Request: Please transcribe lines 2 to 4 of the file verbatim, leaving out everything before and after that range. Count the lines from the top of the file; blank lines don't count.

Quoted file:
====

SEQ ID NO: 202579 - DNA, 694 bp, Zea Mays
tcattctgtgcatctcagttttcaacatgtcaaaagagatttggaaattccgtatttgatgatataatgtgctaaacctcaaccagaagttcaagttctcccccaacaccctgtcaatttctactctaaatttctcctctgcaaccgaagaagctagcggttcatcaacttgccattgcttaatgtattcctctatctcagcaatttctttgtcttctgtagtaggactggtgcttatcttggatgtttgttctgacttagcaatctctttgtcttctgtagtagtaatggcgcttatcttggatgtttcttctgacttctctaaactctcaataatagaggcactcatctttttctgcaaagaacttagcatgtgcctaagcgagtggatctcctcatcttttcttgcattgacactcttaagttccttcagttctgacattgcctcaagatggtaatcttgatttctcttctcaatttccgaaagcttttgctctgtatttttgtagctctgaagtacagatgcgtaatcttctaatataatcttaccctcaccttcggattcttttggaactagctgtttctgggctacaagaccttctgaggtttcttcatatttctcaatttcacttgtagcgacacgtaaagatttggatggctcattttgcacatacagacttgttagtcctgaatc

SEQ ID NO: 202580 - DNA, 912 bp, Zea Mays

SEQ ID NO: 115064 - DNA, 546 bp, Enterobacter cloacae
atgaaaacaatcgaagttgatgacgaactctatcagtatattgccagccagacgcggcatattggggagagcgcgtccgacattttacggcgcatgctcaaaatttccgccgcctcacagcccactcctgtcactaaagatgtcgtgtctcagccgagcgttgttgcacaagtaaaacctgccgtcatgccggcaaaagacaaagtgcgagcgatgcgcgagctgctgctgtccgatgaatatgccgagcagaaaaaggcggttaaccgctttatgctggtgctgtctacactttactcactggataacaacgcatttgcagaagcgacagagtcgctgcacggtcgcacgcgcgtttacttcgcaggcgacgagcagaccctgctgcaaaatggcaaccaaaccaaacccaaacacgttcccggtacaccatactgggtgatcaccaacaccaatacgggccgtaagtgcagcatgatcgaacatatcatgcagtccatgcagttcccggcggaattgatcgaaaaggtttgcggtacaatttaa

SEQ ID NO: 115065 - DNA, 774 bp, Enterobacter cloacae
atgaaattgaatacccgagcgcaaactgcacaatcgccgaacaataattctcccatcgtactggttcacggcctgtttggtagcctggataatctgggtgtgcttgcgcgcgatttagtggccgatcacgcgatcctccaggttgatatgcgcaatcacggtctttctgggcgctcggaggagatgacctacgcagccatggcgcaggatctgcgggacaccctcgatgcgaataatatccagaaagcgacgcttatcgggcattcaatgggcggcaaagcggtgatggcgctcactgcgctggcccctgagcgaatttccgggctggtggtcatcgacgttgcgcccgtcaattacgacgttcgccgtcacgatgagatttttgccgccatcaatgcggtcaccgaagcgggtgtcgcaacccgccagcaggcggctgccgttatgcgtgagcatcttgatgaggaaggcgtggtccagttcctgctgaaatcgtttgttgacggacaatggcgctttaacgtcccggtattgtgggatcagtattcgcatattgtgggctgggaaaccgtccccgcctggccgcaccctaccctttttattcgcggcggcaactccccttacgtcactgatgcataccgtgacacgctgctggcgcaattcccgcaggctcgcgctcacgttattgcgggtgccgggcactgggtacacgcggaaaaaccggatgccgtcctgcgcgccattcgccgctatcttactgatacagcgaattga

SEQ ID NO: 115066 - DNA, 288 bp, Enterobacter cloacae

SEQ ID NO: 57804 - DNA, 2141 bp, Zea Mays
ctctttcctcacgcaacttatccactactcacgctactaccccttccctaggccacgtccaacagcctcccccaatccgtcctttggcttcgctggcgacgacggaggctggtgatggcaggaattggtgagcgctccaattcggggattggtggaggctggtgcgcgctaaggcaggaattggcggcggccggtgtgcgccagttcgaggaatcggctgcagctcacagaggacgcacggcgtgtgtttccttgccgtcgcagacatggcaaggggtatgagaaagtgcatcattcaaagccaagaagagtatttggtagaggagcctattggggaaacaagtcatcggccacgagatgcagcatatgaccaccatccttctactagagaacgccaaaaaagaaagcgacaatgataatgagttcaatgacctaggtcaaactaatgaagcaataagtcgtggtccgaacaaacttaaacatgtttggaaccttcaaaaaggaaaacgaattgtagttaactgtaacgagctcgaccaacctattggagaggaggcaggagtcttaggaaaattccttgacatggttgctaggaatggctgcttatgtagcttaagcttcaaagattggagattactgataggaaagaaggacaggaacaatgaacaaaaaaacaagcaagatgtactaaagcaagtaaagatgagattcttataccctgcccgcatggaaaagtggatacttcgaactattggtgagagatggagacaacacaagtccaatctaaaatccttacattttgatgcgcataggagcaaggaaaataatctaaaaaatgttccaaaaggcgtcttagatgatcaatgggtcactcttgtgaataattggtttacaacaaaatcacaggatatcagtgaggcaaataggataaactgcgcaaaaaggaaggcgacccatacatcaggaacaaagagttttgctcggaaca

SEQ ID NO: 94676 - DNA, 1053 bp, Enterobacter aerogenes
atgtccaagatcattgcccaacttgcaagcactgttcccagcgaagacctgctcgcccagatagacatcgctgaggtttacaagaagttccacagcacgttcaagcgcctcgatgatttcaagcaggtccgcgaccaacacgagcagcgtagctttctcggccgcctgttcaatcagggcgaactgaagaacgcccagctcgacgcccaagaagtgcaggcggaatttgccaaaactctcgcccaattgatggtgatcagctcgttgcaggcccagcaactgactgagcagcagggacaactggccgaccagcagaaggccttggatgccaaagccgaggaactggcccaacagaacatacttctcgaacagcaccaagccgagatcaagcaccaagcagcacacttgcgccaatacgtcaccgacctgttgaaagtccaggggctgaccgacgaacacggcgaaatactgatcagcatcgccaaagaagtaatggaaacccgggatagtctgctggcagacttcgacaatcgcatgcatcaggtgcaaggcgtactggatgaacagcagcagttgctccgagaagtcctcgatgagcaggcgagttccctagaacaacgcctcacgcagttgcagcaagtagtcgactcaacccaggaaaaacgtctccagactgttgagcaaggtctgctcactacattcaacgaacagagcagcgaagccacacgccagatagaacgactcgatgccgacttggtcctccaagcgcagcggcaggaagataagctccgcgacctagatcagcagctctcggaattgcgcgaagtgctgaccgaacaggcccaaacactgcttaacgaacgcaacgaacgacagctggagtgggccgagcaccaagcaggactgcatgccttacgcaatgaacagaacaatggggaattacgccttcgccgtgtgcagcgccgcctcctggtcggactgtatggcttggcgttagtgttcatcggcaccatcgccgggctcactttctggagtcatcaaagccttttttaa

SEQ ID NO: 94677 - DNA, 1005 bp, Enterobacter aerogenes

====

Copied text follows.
tcattctgtgcatctcagttttcaacatgtcaaaagagatttggaaattccgtatttgatgatataatgtgctaaacctcaaccagaagttcaagttctcccccaacaccctgtcaatttctactctaaatttctcctctgcaaccgaagaagctagcggttcatcaacttgccattgcttaatgtattcctctatctcagcaatttctttgtcttctgtagtaggactggtgcttatcttggatgtttgttctgacttagcaatctctttgtcttctgtagtagtaatggcgcttatcttggatgtttcttctgacttctctaaactctcaataatagaggcactcatctttttctgcaaagaacttagcatgtgcctaagcgagtggatctcctcatcttttcttgcattgacactcttaagttccttcagttctgacattgcctcaagatggtaatcttgatttctcttctcaatttccgaaagcttttgctctgtatttttgtagctctgaagtacagatgcgtaatcttctaatataatcttaccctcaccttcggattcttttggaactagctgtttctgggctacaagaccttctgaggtttcttcatatttctcaatttcacttgtagcgacacgtaaagatttggatggctcattttgcacatacagacttgttagtcctgaatc

SEQ ID NO: 202580 - DNA, 912 bp, Zea Mays

SEQ ID NO: 115064 - DNA, 546 bp, Enterobacter cloacae